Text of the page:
The name is Gin, but beer provided the breakthrough.

Yes, this is the lady singing on the train in the most recent Bond-themed television ad for a certain green-bottled beverage. It's odd, though, that this album release was delayed and won't quite reap the benefits of the high-profile exposure gifted to her single Man Like That.

Gravel & Wine couldn't be a better fit for a particularly lucrative market if it had been pieced together by a huddle of record industry marketing men in lab coats. Rhythmically, Wigmore is rolling with Adele; stylistically, she's rocking with Imelda May; vocally, she shares a helium ballpark with Duffy and Macy Gray.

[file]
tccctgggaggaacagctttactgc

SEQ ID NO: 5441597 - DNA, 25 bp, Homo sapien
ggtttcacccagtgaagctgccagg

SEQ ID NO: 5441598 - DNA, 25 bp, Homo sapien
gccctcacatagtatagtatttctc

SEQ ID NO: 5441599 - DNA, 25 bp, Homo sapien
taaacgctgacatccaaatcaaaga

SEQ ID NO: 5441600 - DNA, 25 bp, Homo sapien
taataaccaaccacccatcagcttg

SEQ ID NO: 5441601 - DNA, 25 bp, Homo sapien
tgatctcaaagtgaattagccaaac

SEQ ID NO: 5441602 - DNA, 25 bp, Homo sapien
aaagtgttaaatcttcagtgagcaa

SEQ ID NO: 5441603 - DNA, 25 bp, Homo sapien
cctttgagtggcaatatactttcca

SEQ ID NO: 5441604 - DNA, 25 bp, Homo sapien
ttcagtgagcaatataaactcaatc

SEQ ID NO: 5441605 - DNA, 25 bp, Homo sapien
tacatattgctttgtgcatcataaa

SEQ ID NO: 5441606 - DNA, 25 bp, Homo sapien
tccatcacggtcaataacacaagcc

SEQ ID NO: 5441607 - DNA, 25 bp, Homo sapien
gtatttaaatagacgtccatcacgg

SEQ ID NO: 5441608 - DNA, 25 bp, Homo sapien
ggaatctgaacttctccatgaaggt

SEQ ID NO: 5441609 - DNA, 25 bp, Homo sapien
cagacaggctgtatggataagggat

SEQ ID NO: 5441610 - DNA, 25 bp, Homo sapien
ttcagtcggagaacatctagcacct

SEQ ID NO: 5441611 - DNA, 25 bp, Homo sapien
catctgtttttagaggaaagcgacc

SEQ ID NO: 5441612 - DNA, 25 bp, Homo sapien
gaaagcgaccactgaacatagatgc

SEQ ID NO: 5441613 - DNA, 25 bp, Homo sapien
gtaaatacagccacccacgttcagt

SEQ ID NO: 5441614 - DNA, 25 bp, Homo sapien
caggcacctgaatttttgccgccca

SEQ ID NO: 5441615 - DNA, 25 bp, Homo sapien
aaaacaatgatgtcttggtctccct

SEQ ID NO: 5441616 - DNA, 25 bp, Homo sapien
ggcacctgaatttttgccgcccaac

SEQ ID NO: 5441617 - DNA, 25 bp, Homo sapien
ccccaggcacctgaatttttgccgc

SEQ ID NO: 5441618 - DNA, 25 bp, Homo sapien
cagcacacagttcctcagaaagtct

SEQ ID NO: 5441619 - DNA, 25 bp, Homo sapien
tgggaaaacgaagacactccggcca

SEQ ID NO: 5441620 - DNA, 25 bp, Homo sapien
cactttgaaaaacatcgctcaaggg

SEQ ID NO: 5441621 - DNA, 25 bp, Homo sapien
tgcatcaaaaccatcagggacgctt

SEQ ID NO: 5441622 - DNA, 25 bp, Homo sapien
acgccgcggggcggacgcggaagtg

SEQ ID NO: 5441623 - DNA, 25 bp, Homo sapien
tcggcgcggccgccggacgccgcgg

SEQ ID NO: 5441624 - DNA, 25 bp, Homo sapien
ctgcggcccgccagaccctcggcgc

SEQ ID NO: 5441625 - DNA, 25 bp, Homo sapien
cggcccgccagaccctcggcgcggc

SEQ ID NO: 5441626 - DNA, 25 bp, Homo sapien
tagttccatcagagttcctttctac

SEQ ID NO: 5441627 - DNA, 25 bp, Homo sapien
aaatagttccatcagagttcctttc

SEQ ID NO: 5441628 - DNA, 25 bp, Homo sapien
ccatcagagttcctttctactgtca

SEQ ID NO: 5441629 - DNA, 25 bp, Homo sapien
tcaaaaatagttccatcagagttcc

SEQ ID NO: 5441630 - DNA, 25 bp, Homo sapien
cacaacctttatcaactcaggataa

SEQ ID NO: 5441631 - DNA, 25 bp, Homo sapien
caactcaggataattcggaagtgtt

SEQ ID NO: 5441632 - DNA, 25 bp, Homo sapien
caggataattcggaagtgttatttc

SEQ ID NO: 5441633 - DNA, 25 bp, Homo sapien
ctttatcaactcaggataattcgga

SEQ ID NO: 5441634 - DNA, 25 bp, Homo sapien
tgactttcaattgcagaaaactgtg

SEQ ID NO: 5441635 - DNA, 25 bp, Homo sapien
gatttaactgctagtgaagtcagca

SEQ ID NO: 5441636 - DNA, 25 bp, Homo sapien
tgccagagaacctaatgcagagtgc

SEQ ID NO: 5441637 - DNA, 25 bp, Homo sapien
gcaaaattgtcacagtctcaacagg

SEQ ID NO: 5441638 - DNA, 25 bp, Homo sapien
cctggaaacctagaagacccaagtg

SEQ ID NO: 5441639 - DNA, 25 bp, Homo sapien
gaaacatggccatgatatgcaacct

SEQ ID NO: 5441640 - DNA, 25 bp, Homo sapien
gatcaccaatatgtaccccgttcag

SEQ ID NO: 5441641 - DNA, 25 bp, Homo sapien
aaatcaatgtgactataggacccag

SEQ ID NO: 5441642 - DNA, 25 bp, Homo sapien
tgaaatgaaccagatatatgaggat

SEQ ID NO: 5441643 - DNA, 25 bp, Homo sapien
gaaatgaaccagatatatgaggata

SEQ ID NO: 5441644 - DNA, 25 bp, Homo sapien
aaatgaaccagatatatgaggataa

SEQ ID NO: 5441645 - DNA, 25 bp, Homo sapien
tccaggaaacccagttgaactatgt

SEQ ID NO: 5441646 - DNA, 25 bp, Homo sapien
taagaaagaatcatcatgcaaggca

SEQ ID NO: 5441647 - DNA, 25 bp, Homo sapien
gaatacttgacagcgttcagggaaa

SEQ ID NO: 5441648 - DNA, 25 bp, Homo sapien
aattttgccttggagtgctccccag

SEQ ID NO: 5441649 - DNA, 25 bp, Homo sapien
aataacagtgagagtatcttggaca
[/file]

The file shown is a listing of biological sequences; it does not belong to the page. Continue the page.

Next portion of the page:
Loading article content

But before you dismiss the album for its copycat crimes, note that it actually came out more than a year ago in Wigmore's native New Zealand, where her 2009 album, Holy Smoke, gained triple platinum status. Mostly it's swinging rock'n'roll driven by a tribal beat and a few too many "hoowah" chants from the male backing vocalists.

The songs are strong, but it really needs those occasional ballad breathers to break up what would otherwise be a rather repetitive party playlist.